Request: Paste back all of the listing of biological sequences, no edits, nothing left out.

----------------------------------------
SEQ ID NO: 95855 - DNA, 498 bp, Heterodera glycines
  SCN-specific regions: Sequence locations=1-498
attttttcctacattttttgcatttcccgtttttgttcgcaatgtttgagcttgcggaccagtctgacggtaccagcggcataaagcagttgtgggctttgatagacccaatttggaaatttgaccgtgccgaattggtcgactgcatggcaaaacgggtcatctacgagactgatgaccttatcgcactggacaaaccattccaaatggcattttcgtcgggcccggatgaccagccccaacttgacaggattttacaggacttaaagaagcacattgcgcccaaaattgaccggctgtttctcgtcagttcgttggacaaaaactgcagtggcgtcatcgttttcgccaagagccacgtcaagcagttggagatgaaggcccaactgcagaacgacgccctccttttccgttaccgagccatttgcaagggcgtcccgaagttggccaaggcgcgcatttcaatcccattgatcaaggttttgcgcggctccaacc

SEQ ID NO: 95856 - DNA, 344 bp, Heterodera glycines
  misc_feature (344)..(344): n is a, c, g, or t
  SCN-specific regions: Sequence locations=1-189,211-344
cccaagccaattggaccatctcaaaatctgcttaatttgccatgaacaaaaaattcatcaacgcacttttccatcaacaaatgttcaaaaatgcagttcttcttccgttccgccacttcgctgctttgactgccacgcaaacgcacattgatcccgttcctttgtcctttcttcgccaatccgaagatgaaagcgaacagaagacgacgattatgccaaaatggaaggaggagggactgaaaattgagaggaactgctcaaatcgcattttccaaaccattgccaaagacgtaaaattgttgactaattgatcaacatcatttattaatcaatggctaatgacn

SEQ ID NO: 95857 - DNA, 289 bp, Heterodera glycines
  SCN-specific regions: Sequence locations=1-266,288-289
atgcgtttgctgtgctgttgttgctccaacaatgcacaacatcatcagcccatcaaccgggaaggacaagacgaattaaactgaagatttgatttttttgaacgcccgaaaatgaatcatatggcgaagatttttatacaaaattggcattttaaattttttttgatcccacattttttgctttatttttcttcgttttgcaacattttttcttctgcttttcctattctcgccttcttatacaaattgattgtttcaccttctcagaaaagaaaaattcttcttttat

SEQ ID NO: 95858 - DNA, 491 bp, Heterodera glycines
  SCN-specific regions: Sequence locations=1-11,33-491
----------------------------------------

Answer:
SEQ ID NO: 95855 - DNA, 498 bp, Heterodera glycines
  SCN-specific regions: Sequence locations=1-498
attttttcctacattttttgcatttcccgtttttgttcgcaatgtttgagcttgcggaccagtctgacggtaccagcggcataaagcagttgtgggctttgatagacccaatttggaaatttgaccgtgccgaattggtcgactgcatggcaaaacgggtcatctacgagactgatgaccttatcgcactggacaaaccattccaaatggcattttcgtcgggcccggatgaccagccccaacttgacaggattttacaggacttaaagaagcacattgcgcccaaaattgaccggctgtttctcgtcagttcgttggacaaaaactgcagtggcgtcatcgttttcgccaagagccacgtcaagcagttggagatgaaggcccaactgcagaacgacgccctccttttccgttaccgagccatttgcaagggcgtcccgaagttggccaaggcgcgcatttcaatcccattgatcaaggttttgcgcggctccaacc

SEQ ID NO: 95856 - DNA, 344 bp, Heterodera glycines
  misc_feature (344)..(344): n is a, c, g, or t
  SCN-specific regions: Sequence locations=1-189,211-344
cccaagccaattggaccatctcaaaatctgcttaatttgccatgaacaaaaaattcatcaacgcacttttccatcaacaaatgttcaaaaatgcagttcttcttccgttccgccacttcgctgctttgactgccacgcaaacgcacattgatcccgttcctttgtcctttcttcgccaatccgaagatgaaagcgaacagaagacgacgattatgccaaaatggaaggaggagggactgaaaattgagaggaactgctcaaatcgcattttccaaaccattgccaaagacgtaaaattgttgactaattgatcaacatcatttattaatcaatggctaatgacn

SEQ ID NO: 95857 - DNA, 289 bp, Heterodera glycines
  SCN-specific regions: Sequence locations=1-266,288-289
atgcgtttgctgtgctgttgttgctccaacaatgcacaacatcatcagcccatcaaccgggaaggacaagacgaattaaactgaagatttgatttttttgaacgcccgaaaatgaatcatatggcgaagatttttatacaaaattggcattttaaattttttttgatcccacattttttgctttatttttcttcgttttgcaacattttttcttctgcttttcctattctcgccttcttatacaaattgattgtttcaccttctcagaaaagaaaaattcttcttttat

SEQ ID NO: 95858 - DNA, 491 bp, Heterodera glycines
  SCN-specific regions: Sequence locations=1-11,33-491